Anaphylaxis

Definition and pathophysiology (Ann Emerg Med 2006;47:373)

  • Severe, rapid onset (mins to hrs), potentially life-threatening systemic allergic response
  • IgE-mediated mast cell degranulation with release of histamine, tryptase, and TNF
  • Precipitates systemic reactions (bronchospasm, tissue swelling, fluid shifts, vasodilation)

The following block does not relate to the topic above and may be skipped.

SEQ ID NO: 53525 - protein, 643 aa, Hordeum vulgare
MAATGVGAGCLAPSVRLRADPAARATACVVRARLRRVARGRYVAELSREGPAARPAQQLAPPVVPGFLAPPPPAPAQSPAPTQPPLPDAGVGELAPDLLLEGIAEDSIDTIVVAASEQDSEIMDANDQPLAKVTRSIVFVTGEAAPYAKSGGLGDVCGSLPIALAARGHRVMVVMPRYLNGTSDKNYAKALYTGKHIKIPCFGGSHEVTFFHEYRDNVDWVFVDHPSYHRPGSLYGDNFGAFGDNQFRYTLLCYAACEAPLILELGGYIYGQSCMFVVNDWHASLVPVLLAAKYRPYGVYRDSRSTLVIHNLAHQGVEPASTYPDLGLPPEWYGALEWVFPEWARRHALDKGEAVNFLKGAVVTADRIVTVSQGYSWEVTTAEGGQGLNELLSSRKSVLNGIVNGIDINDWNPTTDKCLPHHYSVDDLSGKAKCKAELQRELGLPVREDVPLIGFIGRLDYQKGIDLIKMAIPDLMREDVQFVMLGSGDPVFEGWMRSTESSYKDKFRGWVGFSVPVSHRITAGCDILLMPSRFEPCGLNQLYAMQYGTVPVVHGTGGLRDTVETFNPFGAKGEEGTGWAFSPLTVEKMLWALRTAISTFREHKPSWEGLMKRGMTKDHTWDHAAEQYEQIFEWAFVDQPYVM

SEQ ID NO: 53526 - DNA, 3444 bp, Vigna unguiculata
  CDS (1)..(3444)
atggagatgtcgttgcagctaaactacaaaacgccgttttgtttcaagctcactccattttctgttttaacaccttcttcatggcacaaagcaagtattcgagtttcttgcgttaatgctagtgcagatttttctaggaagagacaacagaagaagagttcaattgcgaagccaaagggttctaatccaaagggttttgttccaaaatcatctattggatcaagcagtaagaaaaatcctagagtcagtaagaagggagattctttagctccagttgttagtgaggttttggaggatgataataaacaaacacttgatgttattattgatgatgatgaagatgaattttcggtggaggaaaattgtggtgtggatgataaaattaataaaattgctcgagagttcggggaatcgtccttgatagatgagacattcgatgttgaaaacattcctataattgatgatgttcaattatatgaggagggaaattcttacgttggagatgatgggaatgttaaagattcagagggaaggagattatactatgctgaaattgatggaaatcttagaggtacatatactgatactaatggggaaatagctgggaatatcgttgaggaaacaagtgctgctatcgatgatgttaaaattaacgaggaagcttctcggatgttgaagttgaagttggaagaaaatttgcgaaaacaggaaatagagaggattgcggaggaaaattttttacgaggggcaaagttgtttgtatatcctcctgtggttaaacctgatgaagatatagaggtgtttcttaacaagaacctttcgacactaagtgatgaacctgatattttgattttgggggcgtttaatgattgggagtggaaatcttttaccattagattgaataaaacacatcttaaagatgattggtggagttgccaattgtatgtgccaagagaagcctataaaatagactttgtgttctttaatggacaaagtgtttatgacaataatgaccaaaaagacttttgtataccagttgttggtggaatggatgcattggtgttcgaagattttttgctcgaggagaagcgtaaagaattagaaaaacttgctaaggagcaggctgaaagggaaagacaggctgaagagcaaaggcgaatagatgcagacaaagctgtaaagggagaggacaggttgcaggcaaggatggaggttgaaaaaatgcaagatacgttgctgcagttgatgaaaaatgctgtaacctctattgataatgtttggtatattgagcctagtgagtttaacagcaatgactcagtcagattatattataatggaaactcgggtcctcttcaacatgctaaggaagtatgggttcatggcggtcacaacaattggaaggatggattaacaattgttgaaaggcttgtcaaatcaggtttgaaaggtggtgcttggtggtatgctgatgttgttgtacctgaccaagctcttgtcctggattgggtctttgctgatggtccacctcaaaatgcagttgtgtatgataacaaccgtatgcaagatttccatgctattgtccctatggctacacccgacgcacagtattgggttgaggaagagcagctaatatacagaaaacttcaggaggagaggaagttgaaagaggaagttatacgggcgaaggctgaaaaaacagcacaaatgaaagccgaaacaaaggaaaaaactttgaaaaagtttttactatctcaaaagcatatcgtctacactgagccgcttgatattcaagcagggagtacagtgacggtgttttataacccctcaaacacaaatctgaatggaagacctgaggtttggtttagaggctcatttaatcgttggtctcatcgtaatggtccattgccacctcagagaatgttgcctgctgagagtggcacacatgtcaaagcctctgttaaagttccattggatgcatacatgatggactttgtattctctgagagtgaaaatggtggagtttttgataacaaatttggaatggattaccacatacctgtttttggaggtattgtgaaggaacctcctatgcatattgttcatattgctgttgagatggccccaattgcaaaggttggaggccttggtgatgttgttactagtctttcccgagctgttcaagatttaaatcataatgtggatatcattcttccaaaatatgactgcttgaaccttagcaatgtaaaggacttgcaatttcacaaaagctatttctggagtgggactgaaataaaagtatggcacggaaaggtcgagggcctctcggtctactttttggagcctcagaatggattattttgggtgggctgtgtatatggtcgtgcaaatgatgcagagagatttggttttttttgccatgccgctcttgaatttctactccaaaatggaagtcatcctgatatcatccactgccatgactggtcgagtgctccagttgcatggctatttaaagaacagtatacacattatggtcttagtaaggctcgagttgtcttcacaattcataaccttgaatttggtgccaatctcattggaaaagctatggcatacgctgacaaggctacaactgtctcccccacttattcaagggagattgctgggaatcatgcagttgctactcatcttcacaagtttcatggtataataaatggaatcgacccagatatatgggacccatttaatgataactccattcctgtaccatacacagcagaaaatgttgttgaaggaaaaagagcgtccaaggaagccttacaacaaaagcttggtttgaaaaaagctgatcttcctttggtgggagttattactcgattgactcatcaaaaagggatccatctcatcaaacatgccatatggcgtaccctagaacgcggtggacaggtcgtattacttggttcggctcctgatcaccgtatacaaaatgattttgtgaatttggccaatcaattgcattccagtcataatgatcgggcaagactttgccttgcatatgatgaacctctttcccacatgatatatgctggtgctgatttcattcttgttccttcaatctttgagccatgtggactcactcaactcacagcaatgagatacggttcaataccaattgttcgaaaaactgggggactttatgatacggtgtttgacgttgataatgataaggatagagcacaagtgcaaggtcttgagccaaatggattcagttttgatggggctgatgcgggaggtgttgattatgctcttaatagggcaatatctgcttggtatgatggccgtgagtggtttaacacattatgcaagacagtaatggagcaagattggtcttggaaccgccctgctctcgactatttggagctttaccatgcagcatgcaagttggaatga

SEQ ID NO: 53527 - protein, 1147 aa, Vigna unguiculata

• Common triggers: penicillins, cephalosporins, shellfish, nuts, insect stings, IV contrast (not truly an IgE-mediated mechanism, but clinically similar)

Diagnosis: any of the three following criteria

  1. Acute illness with skin ± mucosal involvement (rash, flushing, hives), AND at least one of:
    • Respiratory compromise (wheeze, stridor, dyspnea, hypoxemia)
    • Hypotension or hypoperfusion (syncope, incontinence)
  2. Two f the following after exposure to a